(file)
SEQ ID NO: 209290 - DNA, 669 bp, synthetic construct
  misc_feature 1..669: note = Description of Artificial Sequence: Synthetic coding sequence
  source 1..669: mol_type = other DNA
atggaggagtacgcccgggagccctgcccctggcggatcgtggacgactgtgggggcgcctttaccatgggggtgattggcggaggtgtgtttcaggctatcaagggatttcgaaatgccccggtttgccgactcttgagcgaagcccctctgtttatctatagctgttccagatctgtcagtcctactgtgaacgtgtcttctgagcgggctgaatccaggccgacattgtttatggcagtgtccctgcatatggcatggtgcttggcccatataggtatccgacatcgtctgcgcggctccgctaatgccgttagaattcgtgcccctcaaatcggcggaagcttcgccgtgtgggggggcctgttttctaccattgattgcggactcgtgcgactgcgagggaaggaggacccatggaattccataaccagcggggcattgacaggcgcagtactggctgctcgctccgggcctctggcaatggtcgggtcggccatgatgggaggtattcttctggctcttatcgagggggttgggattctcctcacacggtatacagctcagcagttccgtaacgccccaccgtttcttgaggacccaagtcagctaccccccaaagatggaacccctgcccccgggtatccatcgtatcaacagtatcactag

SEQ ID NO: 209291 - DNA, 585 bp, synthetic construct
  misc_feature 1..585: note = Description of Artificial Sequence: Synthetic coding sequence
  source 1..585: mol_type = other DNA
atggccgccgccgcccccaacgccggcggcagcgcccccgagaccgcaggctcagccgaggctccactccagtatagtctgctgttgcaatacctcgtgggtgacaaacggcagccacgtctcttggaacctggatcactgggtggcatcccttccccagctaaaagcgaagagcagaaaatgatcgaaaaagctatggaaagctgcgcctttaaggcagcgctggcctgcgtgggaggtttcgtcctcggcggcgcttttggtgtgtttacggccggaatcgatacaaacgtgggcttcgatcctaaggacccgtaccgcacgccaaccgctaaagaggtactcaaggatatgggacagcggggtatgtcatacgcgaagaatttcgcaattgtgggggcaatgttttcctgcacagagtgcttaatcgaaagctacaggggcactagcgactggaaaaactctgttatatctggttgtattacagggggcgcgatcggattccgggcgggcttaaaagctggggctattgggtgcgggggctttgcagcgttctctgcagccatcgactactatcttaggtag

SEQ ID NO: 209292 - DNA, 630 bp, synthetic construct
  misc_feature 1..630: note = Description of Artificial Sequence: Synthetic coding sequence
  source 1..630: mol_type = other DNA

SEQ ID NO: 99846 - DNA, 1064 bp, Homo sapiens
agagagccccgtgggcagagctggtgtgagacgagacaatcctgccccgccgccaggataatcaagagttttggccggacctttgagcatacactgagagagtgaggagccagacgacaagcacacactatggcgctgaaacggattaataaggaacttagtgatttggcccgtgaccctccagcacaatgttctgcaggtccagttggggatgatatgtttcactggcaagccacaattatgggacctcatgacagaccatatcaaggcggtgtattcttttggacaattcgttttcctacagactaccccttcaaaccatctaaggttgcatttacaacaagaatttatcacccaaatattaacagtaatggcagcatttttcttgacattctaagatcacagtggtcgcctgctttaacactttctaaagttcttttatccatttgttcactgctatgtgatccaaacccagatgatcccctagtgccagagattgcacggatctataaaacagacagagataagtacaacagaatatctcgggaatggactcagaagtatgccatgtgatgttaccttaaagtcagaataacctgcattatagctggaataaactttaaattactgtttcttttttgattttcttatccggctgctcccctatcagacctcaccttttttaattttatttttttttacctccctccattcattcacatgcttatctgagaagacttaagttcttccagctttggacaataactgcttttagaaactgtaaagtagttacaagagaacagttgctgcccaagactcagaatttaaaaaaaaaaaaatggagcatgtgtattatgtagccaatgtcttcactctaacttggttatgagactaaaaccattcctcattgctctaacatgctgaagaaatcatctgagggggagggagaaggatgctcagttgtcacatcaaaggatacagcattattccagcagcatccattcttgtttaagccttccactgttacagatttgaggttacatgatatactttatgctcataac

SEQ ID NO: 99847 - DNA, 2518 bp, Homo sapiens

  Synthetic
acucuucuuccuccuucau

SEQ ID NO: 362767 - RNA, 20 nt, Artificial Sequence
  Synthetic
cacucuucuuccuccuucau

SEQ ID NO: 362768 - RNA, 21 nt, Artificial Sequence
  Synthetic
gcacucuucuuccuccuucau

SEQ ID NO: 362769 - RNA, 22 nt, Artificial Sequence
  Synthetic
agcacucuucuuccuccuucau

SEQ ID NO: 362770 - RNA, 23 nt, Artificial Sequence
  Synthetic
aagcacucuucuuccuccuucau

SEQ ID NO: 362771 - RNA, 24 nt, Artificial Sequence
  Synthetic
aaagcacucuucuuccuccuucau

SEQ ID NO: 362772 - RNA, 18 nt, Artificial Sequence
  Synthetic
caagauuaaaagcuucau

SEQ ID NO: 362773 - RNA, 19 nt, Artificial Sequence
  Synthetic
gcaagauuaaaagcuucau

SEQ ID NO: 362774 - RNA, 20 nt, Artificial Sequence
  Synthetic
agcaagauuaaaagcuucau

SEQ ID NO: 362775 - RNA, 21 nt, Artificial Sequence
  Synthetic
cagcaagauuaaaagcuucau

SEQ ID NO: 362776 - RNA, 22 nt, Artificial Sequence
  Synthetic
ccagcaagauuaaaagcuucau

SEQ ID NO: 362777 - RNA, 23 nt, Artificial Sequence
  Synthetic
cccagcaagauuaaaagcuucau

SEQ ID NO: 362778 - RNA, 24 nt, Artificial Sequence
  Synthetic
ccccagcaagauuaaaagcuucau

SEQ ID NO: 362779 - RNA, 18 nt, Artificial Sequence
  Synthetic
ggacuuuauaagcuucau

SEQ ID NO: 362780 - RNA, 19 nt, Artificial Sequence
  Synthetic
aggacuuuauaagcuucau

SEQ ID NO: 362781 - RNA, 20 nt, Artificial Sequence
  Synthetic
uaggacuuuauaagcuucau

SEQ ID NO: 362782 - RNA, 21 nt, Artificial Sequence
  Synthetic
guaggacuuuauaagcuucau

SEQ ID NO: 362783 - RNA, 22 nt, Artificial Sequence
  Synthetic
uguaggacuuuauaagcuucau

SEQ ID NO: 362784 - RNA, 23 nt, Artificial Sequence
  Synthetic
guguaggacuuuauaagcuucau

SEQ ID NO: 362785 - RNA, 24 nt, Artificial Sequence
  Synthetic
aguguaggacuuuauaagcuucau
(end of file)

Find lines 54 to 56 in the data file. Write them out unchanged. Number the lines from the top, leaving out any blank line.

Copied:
  Synthetic
ggacuuuauaagcuucau

SEQ ID NO: 362780 - RNA, 19 nt, Artificial Sequence